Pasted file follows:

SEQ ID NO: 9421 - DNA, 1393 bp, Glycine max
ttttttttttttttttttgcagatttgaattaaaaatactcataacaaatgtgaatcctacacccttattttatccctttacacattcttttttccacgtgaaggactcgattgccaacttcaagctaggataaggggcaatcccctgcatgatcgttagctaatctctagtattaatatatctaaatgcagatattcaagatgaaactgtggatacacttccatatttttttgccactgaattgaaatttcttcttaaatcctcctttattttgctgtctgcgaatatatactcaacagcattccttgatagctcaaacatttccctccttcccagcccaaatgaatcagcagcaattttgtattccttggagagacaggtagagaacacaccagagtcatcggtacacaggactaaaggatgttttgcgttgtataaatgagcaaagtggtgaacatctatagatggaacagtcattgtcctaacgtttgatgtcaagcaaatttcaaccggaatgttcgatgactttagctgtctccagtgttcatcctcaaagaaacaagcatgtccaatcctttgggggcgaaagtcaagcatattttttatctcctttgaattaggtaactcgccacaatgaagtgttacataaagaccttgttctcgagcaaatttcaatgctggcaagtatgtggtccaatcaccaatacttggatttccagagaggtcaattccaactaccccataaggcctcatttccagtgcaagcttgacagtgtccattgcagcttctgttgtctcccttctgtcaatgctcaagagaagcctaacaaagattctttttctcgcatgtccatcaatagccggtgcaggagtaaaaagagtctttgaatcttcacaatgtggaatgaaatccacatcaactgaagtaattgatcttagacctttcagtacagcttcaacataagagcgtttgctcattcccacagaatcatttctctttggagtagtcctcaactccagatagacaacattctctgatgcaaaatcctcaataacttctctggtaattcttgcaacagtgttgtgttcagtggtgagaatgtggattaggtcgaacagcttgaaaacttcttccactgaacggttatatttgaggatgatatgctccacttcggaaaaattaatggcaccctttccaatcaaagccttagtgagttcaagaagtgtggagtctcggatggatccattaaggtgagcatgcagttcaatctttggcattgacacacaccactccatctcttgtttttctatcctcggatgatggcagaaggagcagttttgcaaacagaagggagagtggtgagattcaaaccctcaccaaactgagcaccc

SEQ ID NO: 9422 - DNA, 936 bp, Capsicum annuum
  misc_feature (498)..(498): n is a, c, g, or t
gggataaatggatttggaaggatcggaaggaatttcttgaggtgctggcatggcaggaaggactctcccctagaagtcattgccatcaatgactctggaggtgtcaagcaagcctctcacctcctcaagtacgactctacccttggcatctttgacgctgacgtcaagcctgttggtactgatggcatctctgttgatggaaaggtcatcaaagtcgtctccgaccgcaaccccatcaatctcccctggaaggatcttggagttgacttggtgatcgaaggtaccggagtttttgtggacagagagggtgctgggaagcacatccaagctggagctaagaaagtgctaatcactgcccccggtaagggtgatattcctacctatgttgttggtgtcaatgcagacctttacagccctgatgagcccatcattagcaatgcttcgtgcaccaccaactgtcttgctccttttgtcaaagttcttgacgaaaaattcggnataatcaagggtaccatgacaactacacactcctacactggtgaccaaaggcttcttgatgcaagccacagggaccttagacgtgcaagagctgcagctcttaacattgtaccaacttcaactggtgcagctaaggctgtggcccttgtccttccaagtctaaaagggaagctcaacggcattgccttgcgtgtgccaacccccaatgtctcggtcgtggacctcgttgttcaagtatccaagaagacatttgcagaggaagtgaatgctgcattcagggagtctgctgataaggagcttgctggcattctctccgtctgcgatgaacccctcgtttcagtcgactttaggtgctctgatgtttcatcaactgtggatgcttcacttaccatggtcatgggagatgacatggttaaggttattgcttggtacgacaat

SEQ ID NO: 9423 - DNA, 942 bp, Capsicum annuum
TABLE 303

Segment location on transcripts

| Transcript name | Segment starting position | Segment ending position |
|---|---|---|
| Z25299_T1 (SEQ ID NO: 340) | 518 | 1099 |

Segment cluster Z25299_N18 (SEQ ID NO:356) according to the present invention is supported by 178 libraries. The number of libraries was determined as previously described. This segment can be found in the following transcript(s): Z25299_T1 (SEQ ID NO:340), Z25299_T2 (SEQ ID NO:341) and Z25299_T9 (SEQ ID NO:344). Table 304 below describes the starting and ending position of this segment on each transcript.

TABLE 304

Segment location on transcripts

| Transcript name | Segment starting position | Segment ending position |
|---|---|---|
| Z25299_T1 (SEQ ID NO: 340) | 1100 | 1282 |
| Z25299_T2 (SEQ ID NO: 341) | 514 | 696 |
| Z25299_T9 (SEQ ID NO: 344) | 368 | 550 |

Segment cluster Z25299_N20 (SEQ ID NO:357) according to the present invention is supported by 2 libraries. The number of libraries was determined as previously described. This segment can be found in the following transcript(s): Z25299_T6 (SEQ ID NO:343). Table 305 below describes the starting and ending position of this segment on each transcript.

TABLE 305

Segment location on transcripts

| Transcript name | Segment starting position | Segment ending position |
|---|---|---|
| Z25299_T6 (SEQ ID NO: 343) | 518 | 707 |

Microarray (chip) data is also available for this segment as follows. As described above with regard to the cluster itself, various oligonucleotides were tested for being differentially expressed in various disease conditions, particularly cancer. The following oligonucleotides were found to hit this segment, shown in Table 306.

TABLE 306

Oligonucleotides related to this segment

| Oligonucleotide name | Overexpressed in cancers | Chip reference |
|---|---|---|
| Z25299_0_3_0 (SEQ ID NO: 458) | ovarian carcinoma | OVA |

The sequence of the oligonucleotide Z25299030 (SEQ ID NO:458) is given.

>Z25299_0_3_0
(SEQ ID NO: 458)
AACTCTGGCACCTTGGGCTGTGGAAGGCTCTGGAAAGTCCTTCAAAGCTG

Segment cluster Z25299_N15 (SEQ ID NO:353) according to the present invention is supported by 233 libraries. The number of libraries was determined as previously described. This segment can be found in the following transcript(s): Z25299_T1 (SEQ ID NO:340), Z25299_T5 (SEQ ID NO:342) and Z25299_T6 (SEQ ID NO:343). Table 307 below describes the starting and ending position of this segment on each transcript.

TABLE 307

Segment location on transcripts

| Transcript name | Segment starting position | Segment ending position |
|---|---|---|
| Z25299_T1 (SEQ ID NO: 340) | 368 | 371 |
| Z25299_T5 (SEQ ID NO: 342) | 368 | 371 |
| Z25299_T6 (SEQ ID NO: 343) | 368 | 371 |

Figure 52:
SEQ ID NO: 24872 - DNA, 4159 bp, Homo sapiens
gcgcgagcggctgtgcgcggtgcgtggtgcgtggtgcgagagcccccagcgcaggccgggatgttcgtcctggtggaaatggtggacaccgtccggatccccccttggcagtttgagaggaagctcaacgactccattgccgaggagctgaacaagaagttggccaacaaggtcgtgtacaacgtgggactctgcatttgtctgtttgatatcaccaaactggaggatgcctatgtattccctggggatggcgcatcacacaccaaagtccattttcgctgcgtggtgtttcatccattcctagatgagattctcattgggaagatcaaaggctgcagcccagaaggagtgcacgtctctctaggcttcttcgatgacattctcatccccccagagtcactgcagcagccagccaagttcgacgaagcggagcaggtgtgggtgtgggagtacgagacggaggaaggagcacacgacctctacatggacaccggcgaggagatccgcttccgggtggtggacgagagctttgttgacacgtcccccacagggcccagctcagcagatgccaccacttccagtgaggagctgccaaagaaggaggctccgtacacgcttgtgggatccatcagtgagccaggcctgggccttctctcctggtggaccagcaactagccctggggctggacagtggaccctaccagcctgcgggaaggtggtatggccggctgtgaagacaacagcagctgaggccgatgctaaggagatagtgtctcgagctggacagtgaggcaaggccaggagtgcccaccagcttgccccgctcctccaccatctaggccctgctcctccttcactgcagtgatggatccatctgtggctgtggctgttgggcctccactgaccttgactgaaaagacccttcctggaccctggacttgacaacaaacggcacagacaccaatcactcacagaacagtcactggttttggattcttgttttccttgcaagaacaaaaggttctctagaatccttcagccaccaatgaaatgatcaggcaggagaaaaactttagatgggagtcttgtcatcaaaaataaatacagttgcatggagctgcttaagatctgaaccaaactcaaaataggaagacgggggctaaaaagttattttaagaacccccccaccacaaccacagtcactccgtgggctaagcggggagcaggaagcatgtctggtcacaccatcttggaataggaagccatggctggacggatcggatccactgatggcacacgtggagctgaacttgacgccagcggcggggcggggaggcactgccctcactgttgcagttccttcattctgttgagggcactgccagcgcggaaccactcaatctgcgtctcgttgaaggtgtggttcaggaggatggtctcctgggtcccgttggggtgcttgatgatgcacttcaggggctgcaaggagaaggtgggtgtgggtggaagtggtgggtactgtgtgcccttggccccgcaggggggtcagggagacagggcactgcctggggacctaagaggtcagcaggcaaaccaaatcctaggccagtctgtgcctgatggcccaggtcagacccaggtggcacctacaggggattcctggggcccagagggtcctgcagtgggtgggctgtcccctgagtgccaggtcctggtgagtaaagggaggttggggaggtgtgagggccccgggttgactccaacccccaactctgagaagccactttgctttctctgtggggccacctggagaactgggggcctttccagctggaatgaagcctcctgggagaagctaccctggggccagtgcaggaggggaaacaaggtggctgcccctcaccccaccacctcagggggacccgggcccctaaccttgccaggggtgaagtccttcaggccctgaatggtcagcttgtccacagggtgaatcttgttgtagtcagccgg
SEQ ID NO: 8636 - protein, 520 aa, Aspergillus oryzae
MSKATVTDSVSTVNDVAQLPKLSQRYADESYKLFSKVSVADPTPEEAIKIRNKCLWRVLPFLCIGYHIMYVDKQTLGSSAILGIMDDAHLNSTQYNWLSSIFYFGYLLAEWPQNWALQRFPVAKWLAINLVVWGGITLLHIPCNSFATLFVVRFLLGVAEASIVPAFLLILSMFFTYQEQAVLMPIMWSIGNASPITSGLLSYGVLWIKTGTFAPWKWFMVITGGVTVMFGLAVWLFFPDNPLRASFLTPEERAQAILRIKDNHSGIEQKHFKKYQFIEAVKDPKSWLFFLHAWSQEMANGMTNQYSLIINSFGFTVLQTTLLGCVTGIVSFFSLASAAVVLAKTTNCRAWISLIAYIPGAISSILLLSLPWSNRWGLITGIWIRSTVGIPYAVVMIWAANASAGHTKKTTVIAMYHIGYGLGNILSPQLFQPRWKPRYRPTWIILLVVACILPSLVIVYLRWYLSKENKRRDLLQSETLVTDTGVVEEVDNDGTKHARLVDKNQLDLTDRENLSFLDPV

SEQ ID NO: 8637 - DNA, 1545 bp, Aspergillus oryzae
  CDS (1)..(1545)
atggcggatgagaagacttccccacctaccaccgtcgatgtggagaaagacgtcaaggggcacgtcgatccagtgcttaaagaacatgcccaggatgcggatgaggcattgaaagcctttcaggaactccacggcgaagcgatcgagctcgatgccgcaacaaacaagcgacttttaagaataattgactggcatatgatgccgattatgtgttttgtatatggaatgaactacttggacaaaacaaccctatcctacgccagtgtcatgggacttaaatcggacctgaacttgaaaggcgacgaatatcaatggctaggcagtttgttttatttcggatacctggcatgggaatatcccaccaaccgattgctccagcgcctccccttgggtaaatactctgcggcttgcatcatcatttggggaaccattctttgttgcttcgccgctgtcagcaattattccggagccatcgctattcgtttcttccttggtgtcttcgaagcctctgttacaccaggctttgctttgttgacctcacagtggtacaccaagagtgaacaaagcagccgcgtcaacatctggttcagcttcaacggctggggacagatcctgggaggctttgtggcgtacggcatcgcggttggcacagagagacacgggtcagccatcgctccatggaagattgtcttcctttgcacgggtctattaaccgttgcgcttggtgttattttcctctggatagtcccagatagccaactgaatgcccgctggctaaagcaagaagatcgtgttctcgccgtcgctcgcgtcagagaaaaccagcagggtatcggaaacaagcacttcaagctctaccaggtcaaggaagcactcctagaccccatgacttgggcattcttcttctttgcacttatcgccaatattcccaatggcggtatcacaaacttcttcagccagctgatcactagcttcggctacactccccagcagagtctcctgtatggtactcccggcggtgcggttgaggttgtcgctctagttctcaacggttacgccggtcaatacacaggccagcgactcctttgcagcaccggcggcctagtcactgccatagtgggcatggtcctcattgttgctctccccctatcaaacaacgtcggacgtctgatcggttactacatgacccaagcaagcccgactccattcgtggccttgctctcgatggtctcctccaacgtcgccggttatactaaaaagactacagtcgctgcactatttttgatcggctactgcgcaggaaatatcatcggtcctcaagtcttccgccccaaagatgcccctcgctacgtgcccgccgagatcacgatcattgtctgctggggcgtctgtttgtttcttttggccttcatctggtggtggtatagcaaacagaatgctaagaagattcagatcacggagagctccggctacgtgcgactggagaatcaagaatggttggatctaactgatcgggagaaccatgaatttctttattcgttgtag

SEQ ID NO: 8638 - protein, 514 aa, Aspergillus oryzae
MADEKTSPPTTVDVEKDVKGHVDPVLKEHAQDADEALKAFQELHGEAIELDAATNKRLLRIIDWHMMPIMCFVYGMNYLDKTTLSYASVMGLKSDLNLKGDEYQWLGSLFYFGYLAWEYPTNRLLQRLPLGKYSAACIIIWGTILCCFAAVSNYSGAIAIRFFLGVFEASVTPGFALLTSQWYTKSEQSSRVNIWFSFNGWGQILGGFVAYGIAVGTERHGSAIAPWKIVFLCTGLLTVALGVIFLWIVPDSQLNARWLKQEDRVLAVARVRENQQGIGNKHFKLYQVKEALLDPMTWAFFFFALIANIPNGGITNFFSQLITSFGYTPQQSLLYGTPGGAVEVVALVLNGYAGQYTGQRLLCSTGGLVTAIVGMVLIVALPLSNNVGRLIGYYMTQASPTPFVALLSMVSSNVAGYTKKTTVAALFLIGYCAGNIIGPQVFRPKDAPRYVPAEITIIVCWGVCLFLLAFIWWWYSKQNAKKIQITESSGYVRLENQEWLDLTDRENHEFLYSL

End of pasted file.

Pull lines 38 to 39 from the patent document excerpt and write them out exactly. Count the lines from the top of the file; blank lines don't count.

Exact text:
Segment location on transcripts

| Transcript name | Segment starting position | Segment ending position |